Calgary's crime rate uptick likely linked to economic struggles, police chief tells committee

Calgary’s chief of police expects crime statistics that went up when the economy tanked will start to improve over the next year or two.

'Until we recover ourselves as a community, we’re likely to have to deal with these problems'

Calgary Police Service Chief Roger Chaffin told a city committee on Wednesday that "decay on the family side" brought on by economic pressures is likely linked to a continued uptick in crime rates. (CBC)

Calgary's chief of police expects crime statistics that went up when the economy tanked will start to improve over the next year or two, assuming the economy keeps on recovering, too.

Roger Chaffin told the city's community and protective services committee on Wednesday that data collected by the Calgary Police Service showed domestic violence calls have risen 47 per cent from 2012 to 2017.

However, he also highlighted that the rate per 100,000 people of social disorder complaints — such as prostitution, disturbances, drugs and indecent acts — dipped from 7,847.8 in 2016 to 7,787.3 last year.

But Chaffin cautioned it's too early to conclude that Calgary has turned a corner on crime.

"All these issues, social disorder issues, all seem to link to decay on the family side. And that's probably a good hypothesis. It would suggest it's probably the downfall of a significant economy collapse," he said.

"Until we recover ourselves as a community, we're likely to have to deal with these problems."

According to the CPS annual report, Calgary had increases in both the volume and severity of crimes against people from 2016 to 2017.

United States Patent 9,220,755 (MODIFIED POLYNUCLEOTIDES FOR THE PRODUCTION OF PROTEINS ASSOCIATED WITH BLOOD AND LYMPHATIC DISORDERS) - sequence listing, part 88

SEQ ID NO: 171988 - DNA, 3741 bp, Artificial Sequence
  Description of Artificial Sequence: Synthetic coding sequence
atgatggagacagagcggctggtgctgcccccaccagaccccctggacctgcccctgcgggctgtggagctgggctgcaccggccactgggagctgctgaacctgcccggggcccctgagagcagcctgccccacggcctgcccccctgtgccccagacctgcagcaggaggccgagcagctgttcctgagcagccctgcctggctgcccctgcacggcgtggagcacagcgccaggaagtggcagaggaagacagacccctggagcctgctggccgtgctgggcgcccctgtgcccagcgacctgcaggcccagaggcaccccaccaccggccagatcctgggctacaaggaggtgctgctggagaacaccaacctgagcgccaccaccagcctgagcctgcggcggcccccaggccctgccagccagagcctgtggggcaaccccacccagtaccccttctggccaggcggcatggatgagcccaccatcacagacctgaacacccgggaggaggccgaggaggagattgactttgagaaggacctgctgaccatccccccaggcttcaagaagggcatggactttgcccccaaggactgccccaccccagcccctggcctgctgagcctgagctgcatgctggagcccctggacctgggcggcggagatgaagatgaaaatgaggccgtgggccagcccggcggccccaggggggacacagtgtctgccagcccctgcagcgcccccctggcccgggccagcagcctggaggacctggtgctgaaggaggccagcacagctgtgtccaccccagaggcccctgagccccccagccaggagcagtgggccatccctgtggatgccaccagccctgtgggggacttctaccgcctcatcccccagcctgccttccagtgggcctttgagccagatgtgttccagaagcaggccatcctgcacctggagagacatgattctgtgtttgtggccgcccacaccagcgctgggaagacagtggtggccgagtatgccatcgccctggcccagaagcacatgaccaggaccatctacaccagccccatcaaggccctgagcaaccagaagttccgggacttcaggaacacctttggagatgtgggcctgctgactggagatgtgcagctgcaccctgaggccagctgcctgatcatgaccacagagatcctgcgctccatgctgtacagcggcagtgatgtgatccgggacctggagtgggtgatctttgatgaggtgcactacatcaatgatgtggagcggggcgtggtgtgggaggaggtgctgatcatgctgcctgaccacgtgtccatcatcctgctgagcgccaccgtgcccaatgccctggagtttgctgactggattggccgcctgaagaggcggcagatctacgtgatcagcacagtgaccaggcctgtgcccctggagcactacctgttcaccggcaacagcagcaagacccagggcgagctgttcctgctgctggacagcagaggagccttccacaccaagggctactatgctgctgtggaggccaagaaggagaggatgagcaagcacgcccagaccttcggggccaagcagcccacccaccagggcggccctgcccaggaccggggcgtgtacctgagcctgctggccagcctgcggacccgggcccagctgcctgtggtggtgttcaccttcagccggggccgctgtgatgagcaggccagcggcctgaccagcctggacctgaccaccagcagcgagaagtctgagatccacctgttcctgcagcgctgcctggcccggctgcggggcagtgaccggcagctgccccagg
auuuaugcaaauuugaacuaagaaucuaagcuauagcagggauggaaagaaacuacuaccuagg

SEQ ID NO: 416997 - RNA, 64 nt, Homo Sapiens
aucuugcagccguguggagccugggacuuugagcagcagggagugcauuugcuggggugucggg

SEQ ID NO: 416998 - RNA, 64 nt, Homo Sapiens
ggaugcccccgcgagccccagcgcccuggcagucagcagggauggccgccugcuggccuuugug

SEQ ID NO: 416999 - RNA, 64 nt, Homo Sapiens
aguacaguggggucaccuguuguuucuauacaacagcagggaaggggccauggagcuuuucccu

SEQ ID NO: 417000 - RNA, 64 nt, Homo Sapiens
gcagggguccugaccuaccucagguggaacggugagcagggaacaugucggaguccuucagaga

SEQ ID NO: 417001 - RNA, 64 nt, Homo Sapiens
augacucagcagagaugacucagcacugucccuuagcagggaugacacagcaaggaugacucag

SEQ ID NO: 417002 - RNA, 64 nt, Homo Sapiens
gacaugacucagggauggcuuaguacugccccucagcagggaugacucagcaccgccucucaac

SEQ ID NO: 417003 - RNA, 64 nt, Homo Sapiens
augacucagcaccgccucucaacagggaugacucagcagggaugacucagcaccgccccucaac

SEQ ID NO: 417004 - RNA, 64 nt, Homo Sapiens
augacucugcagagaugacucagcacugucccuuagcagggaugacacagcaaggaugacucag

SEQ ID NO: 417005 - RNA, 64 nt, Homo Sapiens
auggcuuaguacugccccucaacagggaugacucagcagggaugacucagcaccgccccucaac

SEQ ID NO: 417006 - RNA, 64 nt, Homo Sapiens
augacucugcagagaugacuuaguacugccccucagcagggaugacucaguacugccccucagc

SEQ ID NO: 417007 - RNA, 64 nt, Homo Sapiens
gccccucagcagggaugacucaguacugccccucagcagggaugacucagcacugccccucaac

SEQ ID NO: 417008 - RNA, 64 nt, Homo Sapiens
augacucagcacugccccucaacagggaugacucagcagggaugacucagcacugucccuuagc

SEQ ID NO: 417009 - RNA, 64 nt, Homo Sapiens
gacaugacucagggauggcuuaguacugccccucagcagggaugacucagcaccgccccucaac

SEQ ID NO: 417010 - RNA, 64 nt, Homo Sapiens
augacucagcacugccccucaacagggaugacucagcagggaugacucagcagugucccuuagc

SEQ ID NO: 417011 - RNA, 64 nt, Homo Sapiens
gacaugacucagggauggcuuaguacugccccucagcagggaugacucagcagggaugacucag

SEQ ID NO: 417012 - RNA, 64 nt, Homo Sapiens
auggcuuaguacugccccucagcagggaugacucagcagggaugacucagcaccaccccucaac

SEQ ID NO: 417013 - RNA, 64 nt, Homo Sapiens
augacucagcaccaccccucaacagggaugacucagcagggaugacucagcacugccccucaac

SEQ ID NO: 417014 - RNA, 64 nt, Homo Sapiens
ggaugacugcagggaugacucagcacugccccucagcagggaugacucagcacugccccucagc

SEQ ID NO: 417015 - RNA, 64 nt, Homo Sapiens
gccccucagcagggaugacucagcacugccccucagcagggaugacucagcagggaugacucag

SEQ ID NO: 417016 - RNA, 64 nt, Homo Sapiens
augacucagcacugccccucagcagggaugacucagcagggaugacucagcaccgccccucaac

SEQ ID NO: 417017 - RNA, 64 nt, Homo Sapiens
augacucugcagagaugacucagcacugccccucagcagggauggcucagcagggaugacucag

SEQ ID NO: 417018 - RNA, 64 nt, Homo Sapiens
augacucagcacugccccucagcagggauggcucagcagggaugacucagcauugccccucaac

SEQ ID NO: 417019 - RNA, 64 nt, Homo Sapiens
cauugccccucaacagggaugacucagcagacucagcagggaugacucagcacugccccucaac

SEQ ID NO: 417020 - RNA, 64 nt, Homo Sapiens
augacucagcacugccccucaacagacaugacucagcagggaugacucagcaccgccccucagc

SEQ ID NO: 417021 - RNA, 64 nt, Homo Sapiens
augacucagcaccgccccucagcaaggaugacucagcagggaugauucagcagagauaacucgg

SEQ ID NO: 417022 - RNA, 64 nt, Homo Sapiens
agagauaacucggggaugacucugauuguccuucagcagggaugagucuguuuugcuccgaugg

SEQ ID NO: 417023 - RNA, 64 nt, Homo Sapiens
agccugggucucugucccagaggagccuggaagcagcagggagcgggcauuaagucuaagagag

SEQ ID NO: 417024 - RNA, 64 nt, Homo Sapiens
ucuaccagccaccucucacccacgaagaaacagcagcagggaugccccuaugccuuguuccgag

There was a 16 per cent increase in domestic violence incidents in 2017.

The number of non-domestic related assaults increased by 15.6 per cent. There were more aggravated and weapon-involved incidents as the proportion of these crimes grew from 27 per cent of total assaults to 41 per cent in the past five years, the report said.

More shootings 

Calgary also had more shooting incidents last year — 94 compared with 61 in 2016.

"The majority of these events were targeted involving ongoing gang conflicts," the report says.

The number of reported sex offences kept climbing in 2017.

There were 22.1 per cent more incidents in 2017 compared with 2016, and 30.6 per cent over 2015, the report says.

"Sex offences are traditionally one of the most under-reported crimes. The #Metoo and #TimesUp movements have resulted in far more global awareness of the serious crime of sexual violence," the report notes.

Calgary's homicide rate dipped slightly in 2017— CPS investigated 30 murders in 2016 and 29 last year.

"While the number of homicides has decreased slightly, almost 90% of the incidents involved either a gun or edged weapon," the report said.

Investigations were completed on 80 per cent of the homicides in 2017.

Break and enters decline

Residential break and enters were the only category of property crime to register a decrease, dropping 11.6 per cent, from 2,703 incidents in 2016 to 2,390 incidents last year.

Vehicle thefts continued to increase in 2017, with an 18.2 per cent increase over the previous year.

CPS statistics indicate there has been a levelling-off in suspected opioid drug-related overdoses. With the exception of methamphetamine, drug seizures were down last year compared with 2016.

"Meth is often the drug of choice for many of Calgary's prolific offenders," the report said.